FacebookTwitterGoogle+RedditEmail

Nuclear Dangers Remain, Despite Bush/Putin Pact

by David Krieger

When major newspapers around the world trumpet headlines such as “U.S., Russia to Cut Nuclear Arms,” it should be cause for excitement, even celebration. Undoubtedly most people will greet this news with a sense of relief that we are moving in the right direction. Certainly it is better to have less nuclear weapons than more of them. But before we bring out the champagne, it would be a good idea to read the fine print and examine more closely what the treaty will and will not do.

The treaty calls for reducing the size of the actively deployed US and Russian strategic nuclear arsenals from some 6,000 weapons on each side today to between 1,700 and 2,200 by the year 2012. This is approximately a two-thirds reduction in actively deployed long-range nuclear weapons, a move that is certainly positive.

The treaty, however, has serious flaws. The nuclear weapons taken off active deployment will not necessarily be destroyed. It will be up to each country to determine what to do with these weapons. Many, if not most, of them will be placed in storage, ready to be rapidly redeployed if either country decides to do so.

There is also no immediacy to moving from current levels of strategic nuclear weapons to the promised lower levels. According to the terms of the treaty, each country needs only to reduce to the agreed upon levels by the year 2012. That also happens to be the year that the treaty terminates unless extended.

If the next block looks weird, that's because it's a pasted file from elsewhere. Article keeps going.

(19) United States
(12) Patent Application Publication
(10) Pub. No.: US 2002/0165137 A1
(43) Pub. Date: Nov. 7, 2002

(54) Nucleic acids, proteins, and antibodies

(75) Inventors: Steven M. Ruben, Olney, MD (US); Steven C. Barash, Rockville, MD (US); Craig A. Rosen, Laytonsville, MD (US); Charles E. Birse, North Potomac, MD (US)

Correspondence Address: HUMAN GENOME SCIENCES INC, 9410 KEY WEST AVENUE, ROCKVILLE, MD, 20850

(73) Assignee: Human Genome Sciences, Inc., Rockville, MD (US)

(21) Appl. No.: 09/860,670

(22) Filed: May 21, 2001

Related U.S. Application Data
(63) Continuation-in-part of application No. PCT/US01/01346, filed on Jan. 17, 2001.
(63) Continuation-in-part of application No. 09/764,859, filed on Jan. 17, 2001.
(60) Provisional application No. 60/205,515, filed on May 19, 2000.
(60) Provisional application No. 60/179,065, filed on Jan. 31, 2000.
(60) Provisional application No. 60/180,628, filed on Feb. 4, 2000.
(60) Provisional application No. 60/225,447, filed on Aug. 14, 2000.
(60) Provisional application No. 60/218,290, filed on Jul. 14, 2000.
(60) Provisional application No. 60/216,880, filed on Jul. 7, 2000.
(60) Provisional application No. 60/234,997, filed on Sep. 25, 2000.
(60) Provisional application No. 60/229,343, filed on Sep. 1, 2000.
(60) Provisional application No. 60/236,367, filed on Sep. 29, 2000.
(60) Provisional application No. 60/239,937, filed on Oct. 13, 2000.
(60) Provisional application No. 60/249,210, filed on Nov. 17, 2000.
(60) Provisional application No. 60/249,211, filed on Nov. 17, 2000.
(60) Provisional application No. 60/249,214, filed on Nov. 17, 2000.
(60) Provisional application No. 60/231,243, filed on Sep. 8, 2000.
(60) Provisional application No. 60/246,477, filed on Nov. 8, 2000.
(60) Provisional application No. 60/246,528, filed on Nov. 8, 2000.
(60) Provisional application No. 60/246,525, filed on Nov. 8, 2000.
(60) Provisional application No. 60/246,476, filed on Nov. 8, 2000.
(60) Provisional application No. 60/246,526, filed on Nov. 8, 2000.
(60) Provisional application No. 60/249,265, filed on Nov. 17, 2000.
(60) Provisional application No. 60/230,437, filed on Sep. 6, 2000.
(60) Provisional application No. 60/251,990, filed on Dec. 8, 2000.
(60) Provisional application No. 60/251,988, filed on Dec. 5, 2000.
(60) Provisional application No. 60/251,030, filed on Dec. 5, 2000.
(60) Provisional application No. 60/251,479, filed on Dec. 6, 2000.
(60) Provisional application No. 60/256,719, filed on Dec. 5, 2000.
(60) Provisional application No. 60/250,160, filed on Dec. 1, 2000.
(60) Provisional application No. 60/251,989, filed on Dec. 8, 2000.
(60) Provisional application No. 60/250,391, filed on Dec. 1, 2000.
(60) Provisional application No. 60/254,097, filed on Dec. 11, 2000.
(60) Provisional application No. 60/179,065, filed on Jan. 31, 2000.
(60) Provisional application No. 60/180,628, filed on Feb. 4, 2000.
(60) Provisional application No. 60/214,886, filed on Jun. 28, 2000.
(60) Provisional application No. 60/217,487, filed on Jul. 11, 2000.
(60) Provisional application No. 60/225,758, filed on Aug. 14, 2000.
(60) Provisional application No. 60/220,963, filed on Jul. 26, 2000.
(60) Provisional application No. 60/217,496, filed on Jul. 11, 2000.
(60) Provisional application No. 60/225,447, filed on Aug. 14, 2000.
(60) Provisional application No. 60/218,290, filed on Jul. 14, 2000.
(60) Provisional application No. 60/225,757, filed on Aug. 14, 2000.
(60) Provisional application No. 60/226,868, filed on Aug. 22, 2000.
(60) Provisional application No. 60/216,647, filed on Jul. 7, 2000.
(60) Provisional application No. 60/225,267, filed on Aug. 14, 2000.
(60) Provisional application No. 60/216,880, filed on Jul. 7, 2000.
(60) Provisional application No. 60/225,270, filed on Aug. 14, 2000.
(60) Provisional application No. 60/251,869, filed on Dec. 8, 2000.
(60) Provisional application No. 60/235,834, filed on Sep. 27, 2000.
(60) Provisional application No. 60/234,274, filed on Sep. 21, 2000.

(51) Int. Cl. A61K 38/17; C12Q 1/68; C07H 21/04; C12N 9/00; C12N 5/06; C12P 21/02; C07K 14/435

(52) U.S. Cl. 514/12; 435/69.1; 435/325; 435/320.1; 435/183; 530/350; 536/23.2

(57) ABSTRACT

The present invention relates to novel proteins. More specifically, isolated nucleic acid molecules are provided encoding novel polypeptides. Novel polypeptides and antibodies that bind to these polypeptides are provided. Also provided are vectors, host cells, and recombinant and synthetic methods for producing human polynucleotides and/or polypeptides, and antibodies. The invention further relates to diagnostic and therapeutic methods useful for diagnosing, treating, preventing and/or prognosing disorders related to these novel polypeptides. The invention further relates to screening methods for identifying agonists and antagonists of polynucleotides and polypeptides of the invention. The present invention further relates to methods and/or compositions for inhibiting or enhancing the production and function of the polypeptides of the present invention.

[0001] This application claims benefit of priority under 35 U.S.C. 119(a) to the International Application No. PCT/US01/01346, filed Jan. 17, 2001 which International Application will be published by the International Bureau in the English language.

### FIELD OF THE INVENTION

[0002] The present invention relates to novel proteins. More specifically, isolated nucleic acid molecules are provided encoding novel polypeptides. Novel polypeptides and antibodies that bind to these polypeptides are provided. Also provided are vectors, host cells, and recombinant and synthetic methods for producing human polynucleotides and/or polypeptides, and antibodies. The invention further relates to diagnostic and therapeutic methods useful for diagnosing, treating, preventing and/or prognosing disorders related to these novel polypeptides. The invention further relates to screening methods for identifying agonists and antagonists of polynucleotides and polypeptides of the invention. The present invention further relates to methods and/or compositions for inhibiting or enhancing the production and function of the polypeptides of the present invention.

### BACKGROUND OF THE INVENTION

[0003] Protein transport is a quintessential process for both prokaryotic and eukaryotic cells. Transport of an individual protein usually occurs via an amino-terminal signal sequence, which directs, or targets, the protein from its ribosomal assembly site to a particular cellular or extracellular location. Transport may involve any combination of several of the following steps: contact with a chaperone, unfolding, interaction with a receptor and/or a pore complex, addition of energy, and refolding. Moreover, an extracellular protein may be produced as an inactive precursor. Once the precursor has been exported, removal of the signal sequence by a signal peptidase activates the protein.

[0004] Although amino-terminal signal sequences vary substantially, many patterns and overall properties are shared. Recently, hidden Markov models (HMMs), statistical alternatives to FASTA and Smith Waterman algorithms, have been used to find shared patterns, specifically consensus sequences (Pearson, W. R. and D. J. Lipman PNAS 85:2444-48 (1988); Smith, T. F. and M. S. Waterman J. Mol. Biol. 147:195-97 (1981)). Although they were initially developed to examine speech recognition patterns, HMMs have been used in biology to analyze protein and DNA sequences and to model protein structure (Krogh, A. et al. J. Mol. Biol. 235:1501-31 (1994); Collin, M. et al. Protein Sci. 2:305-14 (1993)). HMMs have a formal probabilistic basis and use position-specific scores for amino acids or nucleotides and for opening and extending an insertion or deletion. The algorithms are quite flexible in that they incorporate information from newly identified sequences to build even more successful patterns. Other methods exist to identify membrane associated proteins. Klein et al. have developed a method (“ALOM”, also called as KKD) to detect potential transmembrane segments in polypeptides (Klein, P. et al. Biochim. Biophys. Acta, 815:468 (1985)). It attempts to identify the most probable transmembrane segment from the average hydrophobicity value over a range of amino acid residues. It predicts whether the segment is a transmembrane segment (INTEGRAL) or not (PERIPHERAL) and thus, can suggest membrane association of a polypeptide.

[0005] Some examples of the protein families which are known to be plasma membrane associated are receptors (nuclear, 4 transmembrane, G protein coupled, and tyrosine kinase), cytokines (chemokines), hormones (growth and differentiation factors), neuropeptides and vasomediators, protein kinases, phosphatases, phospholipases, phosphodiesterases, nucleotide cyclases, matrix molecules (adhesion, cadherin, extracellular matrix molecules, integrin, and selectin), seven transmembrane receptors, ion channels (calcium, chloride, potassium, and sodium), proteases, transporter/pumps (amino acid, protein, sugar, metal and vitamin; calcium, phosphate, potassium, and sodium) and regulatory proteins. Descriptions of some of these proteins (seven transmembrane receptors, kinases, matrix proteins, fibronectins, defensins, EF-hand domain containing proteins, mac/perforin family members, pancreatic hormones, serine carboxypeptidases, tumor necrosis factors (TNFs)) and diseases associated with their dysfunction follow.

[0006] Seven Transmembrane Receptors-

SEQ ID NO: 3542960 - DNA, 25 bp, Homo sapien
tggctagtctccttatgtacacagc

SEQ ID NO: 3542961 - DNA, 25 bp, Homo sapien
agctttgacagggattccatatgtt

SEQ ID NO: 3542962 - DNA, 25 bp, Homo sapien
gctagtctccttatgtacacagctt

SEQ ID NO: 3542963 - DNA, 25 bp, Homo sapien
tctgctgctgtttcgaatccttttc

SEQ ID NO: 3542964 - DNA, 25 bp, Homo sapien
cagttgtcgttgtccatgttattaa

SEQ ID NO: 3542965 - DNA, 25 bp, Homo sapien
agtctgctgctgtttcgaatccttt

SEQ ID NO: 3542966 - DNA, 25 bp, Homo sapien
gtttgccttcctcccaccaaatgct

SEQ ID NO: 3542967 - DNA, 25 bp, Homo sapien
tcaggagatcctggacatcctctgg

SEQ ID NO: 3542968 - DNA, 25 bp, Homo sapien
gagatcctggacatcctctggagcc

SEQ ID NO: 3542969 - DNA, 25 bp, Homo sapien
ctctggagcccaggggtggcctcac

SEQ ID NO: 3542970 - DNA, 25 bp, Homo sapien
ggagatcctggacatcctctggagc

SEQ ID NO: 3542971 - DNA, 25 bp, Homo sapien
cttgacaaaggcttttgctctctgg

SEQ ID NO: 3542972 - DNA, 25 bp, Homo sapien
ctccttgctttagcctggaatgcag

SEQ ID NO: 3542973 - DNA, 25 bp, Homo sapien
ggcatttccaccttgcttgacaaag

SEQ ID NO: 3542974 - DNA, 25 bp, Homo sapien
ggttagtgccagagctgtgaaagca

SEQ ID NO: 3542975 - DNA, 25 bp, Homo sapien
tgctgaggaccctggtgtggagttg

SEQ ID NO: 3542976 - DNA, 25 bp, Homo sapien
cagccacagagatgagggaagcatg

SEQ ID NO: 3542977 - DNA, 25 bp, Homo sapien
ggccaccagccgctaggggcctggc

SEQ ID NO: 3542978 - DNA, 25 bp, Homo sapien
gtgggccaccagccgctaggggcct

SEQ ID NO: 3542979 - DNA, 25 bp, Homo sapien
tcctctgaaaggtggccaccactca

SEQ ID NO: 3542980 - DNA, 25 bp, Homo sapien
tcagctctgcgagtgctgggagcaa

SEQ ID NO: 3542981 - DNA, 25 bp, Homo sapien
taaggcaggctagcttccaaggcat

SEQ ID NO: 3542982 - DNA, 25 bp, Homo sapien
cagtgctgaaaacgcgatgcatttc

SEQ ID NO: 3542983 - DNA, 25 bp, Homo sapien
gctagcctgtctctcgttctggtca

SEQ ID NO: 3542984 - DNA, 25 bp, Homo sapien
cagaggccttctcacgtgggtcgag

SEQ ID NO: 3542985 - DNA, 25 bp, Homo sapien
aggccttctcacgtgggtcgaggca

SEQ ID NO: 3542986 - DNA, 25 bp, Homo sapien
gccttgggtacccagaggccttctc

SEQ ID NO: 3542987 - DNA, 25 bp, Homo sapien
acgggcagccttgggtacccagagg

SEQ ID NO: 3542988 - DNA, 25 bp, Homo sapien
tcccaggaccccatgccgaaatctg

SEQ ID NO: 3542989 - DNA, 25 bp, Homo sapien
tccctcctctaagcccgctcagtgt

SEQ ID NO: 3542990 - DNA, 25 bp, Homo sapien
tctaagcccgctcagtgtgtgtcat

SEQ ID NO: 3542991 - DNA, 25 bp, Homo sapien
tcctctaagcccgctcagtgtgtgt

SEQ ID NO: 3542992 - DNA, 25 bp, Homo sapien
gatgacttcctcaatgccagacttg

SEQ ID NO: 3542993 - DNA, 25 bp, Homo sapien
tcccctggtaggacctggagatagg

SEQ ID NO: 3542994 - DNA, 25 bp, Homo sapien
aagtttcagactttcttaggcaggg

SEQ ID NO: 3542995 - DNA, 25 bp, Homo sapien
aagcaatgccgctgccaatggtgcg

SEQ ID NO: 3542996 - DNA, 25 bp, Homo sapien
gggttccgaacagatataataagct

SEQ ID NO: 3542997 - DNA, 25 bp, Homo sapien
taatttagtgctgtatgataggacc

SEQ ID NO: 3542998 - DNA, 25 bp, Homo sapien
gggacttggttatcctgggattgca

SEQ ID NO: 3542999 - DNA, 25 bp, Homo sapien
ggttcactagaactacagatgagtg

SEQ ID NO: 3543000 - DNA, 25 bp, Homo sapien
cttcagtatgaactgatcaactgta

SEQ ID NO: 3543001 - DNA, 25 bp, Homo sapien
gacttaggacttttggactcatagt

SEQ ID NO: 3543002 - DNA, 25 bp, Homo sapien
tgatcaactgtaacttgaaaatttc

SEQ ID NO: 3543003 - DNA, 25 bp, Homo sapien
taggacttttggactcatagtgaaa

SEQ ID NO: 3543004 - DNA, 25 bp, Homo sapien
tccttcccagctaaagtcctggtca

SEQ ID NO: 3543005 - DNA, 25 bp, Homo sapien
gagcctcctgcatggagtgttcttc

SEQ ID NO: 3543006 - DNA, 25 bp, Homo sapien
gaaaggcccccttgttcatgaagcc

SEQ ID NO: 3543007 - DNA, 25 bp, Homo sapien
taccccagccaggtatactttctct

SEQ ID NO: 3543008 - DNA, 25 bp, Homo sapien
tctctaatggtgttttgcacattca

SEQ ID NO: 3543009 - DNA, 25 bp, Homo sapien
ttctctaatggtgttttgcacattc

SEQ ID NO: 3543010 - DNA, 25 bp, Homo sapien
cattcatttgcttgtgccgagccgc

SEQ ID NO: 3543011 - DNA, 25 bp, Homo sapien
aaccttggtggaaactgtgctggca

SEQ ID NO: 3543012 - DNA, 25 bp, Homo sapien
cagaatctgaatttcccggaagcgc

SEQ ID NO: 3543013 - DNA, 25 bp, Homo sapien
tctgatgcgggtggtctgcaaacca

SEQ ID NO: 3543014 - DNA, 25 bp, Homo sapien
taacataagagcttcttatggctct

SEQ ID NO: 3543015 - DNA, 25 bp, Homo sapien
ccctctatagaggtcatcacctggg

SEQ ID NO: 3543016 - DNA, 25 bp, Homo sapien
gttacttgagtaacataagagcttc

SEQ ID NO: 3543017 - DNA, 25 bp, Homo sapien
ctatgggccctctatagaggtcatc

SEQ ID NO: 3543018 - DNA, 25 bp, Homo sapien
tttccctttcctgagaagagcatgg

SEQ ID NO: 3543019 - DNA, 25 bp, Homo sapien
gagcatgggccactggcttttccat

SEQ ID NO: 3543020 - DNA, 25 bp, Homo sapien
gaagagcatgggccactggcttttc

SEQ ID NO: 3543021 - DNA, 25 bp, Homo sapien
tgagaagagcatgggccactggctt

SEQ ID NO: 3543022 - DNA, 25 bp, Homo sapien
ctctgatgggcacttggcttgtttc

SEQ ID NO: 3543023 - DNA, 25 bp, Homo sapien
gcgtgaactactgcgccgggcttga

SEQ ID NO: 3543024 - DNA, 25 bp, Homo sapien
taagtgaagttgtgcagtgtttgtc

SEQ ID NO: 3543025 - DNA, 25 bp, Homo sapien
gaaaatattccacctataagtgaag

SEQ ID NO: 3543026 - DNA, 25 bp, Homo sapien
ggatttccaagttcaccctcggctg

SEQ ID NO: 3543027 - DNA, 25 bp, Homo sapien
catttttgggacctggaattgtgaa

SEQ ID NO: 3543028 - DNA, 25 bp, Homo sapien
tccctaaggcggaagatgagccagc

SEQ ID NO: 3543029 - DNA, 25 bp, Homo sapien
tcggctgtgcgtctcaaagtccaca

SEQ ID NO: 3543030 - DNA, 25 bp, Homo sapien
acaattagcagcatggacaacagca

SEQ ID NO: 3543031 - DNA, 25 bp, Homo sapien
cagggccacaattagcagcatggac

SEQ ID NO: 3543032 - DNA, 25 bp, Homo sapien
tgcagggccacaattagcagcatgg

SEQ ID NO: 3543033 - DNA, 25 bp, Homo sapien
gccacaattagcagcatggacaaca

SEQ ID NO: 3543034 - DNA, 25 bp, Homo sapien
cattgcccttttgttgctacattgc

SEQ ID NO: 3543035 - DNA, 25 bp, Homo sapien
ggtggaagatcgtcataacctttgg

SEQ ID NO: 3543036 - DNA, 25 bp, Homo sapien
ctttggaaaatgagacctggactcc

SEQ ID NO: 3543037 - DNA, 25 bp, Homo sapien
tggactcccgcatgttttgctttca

The United States has been a proponent of making the nuclear reductions reversible. The major problem with this approach is that it leads the Russians to do the same, and thereby increases the likelihood that these weapons could fall into the hands of terrorists. It would be better for both countries to permanently dismantle the nuclear weapons removed from active deployment, thereby removing the risk of theft by terrorists.

The treaty deals only with strategic or long-range nuclear weapons. It does not seek to control or reduce tactical or short-range nuclear weapons. Each side still retains thousands of these weapons, and there is serious concern about the Russian arsenal’s vulnerability to theft or unauthorized use. The US Nuclear Posture Review, made partially public in January 2002, called for the development of so-called “bunker buster” nuclear weapons that would be far more likely to actually be used than the larger long-range nuclear weapons.

As we evaluate this treaty, we should remember that even at the lowest level of 1,700 strategic nuclear weapons on each side, there will still be a sufficient number to destroy more than 3,000 cities. The use of far fewer nuclear weapons than this would put an end to civilization as we know it.

President Bush claims, “This treaty will liquidate the legacy of the Cold War.” This remains to be seen. By designing a treaty that will hold so many nuclear weapons in reserve and retain so many on active “hair-trigger” alert, the two sides are not exactly demonstrating a level of trust commensurate with their current friendly relations.

When the treaty is examined closely, it has more the feel of a public relations effort than a solid step toward reducing nuclear dangers and fulfilling the long-standing promises of the two countries to engage in good faith negotiations for nuclear disarmament. Unfortunately, even if this treaty is ratified and enters into force, we will remain in the danger zone that nuclear weapons pose to humanity and all life.